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The production of a magnetic field by a living object. The living object presently most studied is the human body, for two purposes: to find new techniques for medical diagnosis, and to gain information about normal physiology. Smaller organisms studied include birds, fishes, and objects as small as bacteria; many scientists believe that biomagnetics is involved in the ability of these creatures to navigate. The body produces magnetic fields in two main ways: by electric currents and by ferromagnetic particles. The electric currents are the ion currents generated by the muscles, nerves, and other organs. For example, the same ion current generated by heart muscle, which provides the basis for the electrocardiogram, also produces a magnetic field over the chest; and the same ion current generated by the brain, which provides the basis for the electroencephalogram, also produces a magnetic field over the head. Ferromagnetic particles are insoluble contaminants of the body; the most important of these are the ferromagnetic dust particles in the lungs, which are primarily Fe3O4 (magnetite). Magnetic fields can give information about the internal organs not otherwise available.

These magnetic fields are very weak, usually in the range of 10-14 to 10-9 tesla; for comparison, the Earth's field is about 10-4 T (1 T = 104 gauss, the older unit of field). The fields at the upper end of this range, say stronger than 10-4 T, can be measured with a simple but sensitive magnetometer called the fluxgate; the weaker fields are measured with the extremely sensitive cryogenic magnetometer called the SQUID (superconducting quantum interference device). The levels of the body's fields, whether they are fluctuating or steady, are orders of magnitude weaker than the fluctuating or steady background fields. They can, however, be measured by using either a magnetically shielded room or two detectors connected in opposition so that much of the background is canceled, or a combination of both methods. The organs producing magnetic fields which are of most interest are the brain, the lungs, and the liver. See Electroencephalography, Migratory behavior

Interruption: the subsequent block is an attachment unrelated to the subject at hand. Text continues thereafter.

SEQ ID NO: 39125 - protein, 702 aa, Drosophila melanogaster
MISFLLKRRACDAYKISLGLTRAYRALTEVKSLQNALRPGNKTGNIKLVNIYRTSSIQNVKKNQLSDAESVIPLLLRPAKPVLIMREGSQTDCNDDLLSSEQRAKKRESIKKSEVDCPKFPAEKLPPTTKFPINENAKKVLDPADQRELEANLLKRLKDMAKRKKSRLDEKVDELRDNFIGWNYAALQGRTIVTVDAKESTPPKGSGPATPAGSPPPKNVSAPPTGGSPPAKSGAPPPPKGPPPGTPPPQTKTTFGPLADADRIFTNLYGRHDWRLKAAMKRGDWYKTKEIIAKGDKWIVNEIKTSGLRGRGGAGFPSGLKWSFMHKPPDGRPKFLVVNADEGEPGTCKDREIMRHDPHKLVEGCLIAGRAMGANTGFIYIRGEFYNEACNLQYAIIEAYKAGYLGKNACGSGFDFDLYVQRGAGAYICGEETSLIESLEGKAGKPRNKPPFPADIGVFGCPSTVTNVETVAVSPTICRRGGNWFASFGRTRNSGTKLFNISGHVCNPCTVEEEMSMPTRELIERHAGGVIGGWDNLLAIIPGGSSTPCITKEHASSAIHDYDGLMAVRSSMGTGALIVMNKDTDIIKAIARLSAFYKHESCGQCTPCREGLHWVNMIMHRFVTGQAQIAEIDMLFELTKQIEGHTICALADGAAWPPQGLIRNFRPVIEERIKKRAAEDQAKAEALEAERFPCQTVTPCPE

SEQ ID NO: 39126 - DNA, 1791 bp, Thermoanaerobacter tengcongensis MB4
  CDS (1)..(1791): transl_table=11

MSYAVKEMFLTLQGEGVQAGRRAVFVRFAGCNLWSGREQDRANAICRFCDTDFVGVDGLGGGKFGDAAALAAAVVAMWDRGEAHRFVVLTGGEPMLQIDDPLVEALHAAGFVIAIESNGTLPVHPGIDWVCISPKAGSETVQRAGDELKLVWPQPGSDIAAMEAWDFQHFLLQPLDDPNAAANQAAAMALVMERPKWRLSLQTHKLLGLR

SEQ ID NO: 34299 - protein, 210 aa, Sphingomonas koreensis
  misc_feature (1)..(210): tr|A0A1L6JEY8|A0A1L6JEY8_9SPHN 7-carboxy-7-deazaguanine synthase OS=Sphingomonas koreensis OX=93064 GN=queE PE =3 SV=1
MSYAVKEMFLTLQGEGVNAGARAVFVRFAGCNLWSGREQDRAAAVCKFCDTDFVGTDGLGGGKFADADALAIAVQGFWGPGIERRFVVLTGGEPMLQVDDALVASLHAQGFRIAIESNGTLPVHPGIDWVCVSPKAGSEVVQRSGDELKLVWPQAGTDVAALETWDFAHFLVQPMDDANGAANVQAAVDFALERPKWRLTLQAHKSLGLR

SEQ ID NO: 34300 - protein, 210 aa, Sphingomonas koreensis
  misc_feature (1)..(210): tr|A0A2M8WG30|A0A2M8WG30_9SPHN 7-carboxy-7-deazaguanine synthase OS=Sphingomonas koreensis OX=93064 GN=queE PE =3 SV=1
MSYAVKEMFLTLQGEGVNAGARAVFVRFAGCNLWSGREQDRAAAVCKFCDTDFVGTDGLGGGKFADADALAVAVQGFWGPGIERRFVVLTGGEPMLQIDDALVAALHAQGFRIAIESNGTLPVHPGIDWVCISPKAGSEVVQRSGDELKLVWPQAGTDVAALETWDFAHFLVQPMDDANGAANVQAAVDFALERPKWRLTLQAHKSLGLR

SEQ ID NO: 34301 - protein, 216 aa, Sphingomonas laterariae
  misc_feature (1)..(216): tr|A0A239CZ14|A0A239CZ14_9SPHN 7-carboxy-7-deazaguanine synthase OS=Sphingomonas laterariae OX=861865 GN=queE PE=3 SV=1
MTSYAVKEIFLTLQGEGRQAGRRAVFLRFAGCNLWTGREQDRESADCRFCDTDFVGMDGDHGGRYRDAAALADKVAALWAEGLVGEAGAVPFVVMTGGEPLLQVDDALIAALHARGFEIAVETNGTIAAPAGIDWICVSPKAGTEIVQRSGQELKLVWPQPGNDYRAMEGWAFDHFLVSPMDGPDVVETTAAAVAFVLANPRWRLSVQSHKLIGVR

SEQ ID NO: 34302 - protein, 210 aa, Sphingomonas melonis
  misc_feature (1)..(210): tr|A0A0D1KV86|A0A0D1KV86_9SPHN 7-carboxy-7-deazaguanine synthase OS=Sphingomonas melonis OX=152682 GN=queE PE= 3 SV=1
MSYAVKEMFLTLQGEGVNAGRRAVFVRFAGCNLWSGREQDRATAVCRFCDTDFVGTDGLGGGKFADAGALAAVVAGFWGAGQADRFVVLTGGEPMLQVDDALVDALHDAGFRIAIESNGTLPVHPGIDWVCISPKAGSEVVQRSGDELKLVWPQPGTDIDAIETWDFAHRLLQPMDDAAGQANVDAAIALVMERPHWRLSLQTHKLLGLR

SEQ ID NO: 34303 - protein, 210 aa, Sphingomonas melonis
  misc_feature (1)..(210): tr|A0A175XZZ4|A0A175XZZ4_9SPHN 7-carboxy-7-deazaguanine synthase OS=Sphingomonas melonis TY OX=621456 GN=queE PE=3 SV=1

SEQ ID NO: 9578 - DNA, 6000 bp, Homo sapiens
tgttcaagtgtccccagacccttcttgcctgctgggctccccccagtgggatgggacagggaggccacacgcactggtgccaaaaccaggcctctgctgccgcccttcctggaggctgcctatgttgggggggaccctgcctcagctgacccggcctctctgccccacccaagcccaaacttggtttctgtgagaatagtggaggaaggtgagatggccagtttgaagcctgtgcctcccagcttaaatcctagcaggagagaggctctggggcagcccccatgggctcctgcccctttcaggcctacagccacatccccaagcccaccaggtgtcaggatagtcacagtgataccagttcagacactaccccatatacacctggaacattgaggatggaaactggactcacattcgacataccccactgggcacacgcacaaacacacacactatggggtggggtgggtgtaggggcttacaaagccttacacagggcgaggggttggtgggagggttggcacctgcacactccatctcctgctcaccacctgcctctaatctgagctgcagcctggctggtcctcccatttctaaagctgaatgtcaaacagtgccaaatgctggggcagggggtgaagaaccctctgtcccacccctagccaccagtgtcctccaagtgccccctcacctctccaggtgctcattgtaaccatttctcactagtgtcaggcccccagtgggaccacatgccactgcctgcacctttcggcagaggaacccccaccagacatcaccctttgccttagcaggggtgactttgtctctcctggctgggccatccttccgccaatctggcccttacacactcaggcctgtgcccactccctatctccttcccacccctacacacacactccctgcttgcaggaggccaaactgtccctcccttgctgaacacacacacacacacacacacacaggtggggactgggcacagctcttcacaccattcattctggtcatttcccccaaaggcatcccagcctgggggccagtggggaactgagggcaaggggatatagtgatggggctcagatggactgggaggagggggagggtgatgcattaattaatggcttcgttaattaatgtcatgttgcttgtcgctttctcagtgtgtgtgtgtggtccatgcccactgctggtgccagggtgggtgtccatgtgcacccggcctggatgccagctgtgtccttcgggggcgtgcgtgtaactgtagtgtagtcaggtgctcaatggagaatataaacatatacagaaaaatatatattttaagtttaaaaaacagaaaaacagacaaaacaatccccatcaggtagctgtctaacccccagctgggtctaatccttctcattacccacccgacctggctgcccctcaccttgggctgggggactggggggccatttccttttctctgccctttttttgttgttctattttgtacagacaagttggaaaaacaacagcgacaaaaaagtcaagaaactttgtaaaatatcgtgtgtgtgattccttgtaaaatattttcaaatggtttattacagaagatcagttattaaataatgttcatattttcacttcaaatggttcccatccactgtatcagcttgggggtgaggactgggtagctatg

McGraw-Hill Concise Encyclopedia of Bioscience. © 2002 by The McGraw-Hill Companies, Inc.


The production of a magnetic field by a living organism.
McGraw-Hill Dictionary of Scientific & Technical Terms, 6E, Copyright © 2003 by The McGraw-Hill Companies, Inc.
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Walgreens makes sure shoppers know it wants to be a destination for magnet therapy not only through a wider selection, but by advertising.
Although Mesmer was thoroughly discredited, magnet therapy flourished in the U.S.
Research into the magnet therapy is divided into two distinct areas: pulsed bioelectric magnet therapy/pulsed electromagnetic field and biomagnetic therapy/static magnetic field.
Magnet therapy has been practiced for centuries as a holistic alternative therapy--Aristotle, Plato and Cleopatra were all purported to be believers--and operates on the premise of properly aligning the electrical charges that run through the body.
Today, one can find other means of treatments: laser puncture, roller-acupressure, magnet therapy, postizometric relaxation and chiropractic (started by David Daniel Palmer (1845-1913) in the late 1800s).
Nonpharmaceutical therapies that are not beneficial include homeopathy, magnet therapy, and acupuncture.
She provides publications that address how to select a practitioner, talk with a primary health care provider, evaluate information on the internet, pay for therapies, use CAM with special populations, and use specific therapies like Ayurveda, traditional Chinese medicine, Native American medicine, acupuncture, homeopathy, and naturopathy, as well as dietary supplements, biologically-based therapies like aromatherapy, mind-body medicine like meditation and biofeedback, manipulative and body-based therapies such as Pilates and reflexology, energy-based therapies such as Reiki and magnet therapy, and treatments for specific diseases and conditions, from diabetes to fibromyalgia.
"Although their use is generally harmless, people with osteoarthritis should be especially cautious about spending large sums of money on magnet therapy. Magnets removed from disused speakers are much cheaper, but you would first have to believe that they could work."
Magnet therapy which helped David Beckham heal his famous broken metatarsal in just five weeks before the World Cup played a vital part in Sharon's recovery.
"The theory is that magnet therapy may be beneficial by affecting blood flow in the body's circulatory system, helping the body to get more of the nutrients it needs from the blood," he says.
"Money spent on expensive and unproved magnet therapy might be better spent on evidence-based medicine," they said.